Google Editions, Google's digital book service, seems to be gathering momentum. It was only last week that The Wall Street Journal reported that Google would start selling e-books in June or July of this year. At that time the Journal said, "Publishers have yet to publicly commit to participate in the service but Google isn't expected to run into much trouble getting them to join."
Yesterday Japan Today posted a story claiming that Google has "clinched the support of almost all publishers in the United States" and that the number of authors and publishers who have agreed to participate have topped 25,000. The story claims that, between these arrangements and books with expired copyrights, Google Editions will offer over 4 million titles. Japan Today cites "company officials" but offers no further attribution. This is all very interesting, but am I the only one confused about what exactly Google Editions is? If you head to http://www.google.com/books you can read a wide variety of public domain materials, but most of these are scanned images of actual books. Only the "Classics" section offers downloadable e-books (in ePub format). Going back to The Wall Street Journal piece, this passage is troubling:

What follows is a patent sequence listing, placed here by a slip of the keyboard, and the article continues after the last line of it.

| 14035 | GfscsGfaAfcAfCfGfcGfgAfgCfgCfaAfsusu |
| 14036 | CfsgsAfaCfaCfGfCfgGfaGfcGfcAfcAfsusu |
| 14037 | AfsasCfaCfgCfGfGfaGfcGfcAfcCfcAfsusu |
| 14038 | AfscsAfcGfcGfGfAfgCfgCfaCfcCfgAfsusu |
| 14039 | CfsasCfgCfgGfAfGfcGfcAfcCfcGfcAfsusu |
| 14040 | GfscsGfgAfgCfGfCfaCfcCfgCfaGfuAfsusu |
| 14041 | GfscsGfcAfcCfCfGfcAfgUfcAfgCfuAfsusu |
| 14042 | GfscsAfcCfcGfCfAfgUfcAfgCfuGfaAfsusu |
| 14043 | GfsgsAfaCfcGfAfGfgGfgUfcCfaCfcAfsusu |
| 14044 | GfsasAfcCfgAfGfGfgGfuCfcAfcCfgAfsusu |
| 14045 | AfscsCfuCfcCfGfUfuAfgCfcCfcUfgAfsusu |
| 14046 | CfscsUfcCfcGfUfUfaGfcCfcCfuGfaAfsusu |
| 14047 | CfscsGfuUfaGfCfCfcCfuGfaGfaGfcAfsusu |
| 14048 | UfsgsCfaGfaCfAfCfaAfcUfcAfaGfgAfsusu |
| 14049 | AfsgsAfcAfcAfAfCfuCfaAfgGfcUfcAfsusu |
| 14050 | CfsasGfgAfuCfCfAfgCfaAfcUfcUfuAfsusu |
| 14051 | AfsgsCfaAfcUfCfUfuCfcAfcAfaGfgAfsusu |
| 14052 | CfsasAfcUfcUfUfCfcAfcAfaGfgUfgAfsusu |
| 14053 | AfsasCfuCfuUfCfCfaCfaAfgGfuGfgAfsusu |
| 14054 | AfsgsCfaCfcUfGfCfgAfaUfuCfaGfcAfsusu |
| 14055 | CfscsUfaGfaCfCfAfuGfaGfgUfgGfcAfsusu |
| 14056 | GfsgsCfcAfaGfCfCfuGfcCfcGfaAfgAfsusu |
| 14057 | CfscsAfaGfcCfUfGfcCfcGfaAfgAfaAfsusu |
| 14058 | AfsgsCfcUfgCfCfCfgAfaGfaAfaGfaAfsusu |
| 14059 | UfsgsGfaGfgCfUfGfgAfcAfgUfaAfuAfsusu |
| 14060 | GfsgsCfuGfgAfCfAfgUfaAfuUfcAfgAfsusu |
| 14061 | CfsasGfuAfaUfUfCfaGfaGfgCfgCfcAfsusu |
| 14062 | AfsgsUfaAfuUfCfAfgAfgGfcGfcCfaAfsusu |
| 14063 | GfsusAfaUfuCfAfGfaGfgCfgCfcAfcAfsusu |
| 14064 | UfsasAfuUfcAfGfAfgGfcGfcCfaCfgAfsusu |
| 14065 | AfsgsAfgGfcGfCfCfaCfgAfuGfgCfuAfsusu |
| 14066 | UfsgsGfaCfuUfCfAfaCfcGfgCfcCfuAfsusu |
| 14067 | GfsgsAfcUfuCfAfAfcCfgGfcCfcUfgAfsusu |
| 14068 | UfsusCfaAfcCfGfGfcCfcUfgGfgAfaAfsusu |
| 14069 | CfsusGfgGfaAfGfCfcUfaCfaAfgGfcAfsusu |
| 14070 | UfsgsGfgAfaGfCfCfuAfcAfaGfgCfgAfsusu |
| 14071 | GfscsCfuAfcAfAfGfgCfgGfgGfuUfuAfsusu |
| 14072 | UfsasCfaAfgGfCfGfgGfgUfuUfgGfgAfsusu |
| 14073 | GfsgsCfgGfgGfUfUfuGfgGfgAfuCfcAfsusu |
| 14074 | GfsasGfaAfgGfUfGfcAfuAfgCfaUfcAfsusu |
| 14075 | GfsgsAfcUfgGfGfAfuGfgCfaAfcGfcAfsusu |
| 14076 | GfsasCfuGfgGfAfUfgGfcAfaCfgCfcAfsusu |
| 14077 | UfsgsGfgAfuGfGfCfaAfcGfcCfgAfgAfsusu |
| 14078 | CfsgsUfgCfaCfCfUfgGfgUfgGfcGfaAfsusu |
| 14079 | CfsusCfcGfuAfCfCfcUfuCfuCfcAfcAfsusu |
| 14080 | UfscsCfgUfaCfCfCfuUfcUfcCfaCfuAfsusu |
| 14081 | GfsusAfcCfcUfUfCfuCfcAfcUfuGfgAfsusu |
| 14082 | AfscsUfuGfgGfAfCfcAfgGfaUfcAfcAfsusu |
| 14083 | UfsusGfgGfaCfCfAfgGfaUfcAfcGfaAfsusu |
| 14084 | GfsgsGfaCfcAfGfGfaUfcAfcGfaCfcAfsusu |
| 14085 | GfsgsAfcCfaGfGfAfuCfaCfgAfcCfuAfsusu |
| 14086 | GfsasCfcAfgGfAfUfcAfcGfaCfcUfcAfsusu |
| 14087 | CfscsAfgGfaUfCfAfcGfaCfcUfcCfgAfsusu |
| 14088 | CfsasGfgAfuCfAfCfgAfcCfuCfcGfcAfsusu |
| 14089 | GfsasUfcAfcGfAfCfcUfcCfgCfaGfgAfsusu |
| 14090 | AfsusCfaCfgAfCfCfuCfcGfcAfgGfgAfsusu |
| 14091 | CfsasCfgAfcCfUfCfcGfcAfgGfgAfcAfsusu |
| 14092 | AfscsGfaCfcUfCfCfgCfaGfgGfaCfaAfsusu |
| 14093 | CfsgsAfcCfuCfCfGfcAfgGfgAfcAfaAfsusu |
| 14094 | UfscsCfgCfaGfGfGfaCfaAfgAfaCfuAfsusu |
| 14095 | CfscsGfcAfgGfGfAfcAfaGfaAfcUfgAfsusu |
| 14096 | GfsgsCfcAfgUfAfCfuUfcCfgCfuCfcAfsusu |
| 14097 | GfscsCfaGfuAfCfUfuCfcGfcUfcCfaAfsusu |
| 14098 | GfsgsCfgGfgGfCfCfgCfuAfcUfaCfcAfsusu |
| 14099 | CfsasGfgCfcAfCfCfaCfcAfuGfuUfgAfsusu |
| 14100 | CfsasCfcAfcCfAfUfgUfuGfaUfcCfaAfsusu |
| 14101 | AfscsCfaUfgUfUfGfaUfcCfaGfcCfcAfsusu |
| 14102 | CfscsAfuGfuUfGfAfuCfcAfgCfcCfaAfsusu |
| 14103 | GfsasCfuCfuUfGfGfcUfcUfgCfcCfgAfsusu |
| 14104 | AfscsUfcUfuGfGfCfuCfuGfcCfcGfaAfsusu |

While Mr. Palma didn't go into details, users of Google Editions would be able to read books from a web browser—meaning that the type of e-reader device wouldn't matter. The company also could build software to optimize reading on certain devices like an iPhone or iPad but hasn't announced any specific plans.
Does this mean when the service launches the only way we'll be able to read the books we've purchased from Editions will be in a browser? That would be an awful decision on Google's part. In my limited testing (limited because the experience was so unpleasant) reading an e-book in a web browser pales in comparison to reading one in software dedicated to displaying books. Additionally it'd mean that you'd have to be online whenever you wanted to read your library of books. On the one hand, I can't believe Google can be that out of touch with the e-reading experience. On the other hand, I find it hard to imagine they'll have 4 million books ready to go in ePub (or any other established) format in the next months. Scanning in pages of old books is one thing. Running those scans through OCR software to get a clean digital edition is another. This one is a puzzle, to be sure. I can't help but feel conflicted about Google Editions. More competition normally makes things better, cheaper and easier for consumers, but that hasn't seemed to be the case in the e-book arena, where too many proprietary formats vie for our attention. Will Google Editions add another layer of confusion to the e-book ecosystem, or will they somehow wind up acting as the great equalizer? Only time will tell.